KANSAS CITY, Mo. -- They’re the people you rely on during some of the worst days of your life. 9-1-1 operators are often the first people you speak to during an emergency.
But they are in short supply around the metro --and there's a serious need to fill the vacancies.
“It`s extremely stressful, and there`s a thing, it`s unquantifiable, but there`s something inside a person that gives them the ability to be able to do this, because some of the things that we hear, that we have to deal with, and try to work our way through, you just have to have that special something,” said Gale Wash, a dispatcher.
Wash must have that special something. She's been a dispatcher in Johnson County for 14 years.
“This is so cliché, but the ability to be able to help people,” Wash added.
But Wash says it's not easy keeping people like her around. Dispatchers work odd hours, holidays, weekends... and answer hundreds of calls from distressed people every day.
“They`re the first link in the public safety chain so to speak,” said Eric Winebrenner, the Director Of Public Safety of the Mid America Regional Council, or MARC.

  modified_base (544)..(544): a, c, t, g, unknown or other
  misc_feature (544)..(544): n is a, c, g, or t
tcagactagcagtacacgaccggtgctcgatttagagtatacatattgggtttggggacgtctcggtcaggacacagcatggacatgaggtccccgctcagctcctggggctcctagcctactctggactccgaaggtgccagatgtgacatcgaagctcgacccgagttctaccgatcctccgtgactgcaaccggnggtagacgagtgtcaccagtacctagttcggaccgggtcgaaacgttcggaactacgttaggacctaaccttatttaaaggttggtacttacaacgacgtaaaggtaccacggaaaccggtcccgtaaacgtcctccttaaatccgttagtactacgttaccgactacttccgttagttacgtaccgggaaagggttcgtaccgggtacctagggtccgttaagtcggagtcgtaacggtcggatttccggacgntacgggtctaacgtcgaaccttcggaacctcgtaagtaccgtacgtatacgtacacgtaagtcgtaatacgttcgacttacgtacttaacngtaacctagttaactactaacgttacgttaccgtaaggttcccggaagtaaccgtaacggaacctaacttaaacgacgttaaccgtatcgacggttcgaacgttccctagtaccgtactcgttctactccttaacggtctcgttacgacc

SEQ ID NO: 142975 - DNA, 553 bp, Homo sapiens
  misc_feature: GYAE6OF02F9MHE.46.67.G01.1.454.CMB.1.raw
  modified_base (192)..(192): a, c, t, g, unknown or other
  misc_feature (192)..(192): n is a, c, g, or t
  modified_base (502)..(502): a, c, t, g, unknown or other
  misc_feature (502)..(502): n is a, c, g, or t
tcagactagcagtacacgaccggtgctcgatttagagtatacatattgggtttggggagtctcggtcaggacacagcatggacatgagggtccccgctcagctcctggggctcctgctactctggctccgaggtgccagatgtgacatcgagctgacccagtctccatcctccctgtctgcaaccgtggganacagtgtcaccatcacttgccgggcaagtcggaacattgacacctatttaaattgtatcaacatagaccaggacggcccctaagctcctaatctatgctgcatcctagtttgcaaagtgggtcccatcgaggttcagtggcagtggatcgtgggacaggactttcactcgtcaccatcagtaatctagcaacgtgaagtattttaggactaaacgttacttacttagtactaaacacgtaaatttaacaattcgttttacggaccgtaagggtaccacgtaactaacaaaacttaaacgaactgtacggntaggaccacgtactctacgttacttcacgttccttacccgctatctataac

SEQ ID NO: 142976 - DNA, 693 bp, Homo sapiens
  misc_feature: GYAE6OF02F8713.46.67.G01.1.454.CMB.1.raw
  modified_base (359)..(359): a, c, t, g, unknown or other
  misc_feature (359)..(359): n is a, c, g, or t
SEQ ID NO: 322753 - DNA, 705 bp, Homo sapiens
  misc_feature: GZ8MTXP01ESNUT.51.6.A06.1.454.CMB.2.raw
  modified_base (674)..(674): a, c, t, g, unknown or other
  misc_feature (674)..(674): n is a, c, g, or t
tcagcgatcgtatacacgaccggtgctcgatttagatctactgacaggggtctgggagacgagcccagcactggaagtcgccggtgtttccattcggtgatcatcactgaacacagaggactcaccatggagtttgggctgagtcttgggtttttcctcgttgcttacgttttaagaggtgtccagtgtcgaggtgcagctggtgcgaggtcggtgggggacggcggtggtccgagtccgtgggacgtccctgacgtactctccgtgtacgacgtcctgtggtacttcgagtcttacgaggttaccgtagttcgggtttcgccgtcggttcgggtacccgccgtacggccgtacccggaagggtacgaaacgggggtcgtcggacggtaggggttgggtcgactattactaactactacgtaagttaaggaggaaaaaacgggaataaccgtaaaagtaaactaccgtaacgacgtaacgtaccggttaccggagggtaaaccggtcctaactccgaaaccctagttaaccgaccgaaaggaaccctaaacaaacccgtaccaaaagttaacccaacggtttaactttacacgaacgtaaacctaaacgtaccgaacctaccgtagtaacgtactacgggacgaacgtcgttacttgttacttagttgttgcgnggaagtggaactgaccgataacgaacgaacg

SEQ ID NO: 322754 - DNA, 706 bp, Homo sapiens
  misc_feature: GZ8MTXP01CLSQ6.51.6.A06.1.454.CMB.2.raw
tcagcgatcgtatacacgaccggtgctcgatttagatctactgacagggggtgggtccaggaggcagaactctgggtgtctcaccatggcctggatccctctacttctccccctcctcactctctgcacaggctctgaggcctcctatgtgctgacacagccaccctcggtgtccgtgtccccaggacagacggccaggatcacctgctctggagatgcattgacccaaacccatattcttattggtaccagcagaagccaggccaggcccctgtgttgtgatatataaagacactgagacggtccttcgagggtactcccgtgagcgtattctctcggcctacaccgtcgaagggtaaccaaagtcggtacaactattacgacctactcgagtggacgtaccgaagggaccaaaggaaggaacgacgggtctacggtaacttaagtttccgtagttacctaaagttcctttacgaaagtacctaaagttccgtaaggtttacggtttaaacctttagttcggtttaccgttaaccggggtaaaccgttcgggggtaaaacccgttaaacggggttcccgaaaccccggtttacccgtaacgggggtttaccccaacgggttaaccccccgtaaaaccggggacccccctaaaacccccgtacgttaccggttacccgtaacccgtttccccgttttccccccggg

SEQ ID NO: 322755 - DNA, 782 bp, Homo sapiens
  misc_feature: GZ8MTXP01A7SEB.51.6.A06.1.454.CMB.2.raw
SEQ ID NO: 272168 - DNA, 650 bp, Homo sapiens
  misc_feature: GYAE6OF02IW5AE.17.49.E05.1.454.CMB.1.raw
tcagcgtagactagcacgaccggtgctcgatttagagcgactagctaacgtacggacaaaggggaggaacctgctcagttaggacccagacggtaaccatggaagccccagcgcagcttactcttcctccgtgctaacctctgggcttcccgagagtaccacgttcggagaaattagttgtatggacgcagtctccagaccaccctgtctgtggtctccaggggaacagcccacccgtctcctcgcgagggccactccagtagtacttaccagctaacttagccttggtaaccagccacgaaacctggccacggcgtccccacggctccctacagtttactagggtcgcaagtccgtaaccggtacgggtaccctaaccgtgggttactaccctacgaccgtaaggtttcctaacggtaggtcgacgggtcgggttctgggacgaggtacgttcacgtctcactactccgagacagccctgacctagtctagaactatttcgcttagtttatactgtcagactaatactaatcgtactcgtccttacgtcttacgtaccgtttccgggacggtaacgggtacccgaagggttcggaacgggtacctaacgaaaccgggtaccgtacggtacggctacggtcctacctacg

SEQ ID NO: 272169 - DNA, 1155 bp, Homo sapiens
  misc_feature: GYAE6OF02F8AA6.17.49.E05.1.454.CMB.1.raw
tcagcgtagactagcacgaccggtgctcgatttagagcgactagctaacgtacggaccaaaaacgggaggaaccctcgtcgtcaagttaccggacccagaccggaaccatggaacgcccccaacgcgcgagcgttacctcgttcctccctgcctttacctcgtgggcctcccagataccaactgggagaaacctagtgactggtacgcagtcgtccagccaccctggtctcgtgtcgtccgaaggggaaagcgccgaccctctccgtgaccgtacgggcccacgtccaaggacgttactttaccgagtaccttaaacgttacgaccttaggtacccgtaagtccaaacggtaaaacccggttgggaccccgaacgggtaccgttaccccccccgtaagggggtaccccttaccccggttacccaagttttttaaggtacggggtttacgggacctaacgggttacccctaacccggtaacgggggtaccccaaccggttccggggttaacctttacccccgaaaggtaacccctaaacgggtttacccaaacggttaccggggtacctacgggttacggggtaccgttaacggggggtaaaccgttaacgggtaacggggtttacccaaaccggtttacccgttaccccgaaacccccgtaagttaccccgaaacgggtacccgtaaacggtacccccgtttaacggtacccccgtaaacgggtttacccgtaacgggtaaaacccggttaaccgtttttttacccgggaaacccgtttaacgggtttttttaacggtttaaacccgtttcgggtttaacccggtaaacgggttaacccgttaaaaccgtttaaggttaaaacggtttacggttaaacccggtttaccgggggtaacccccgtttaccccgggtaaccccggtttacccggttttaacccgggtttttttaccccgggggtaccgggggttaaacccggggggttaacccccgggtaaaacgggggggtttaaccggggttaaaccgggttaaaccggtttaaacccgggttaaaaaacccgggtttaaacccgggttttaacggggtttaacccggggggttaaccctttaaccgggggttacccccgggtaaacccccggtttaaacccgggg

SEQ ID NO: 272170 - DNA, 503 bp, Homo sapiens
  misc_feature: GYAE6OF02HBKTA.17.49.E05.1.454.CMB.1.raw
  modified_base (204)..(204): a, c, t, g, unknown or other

He says MARC coordinates with local agencies to help meet their needs. He says dispatchers must pass extensive background checks, and says the job isn't for everyone.
“It`s kind of a passion, more of a calling, than it is a typical job, so those are hard to fill,” added Winebrenner.
Ellen Wernicke, the Director of Johnson County Emergency Management and Communications, says this is a nationwide problem.
“It`s hard to find people that are A) qualified, and B) want to make that kind of commitment,” Wernicke explained.
She says there are six vacancies right now in Johnson County, which means a lot of overtime for current employees, and that can impact response times.
“It has to be done, the positions have to be filled, because someone needs to be here when people call,” Wash said.
“If it takes us longer to answer a call, or process a call because we don`t have enough people in the seats to do it, it`s going to take longer for people to get dispatched to calls,” said Wernicke.
If you're interested in more information about becoming a dispatcher, visit these links: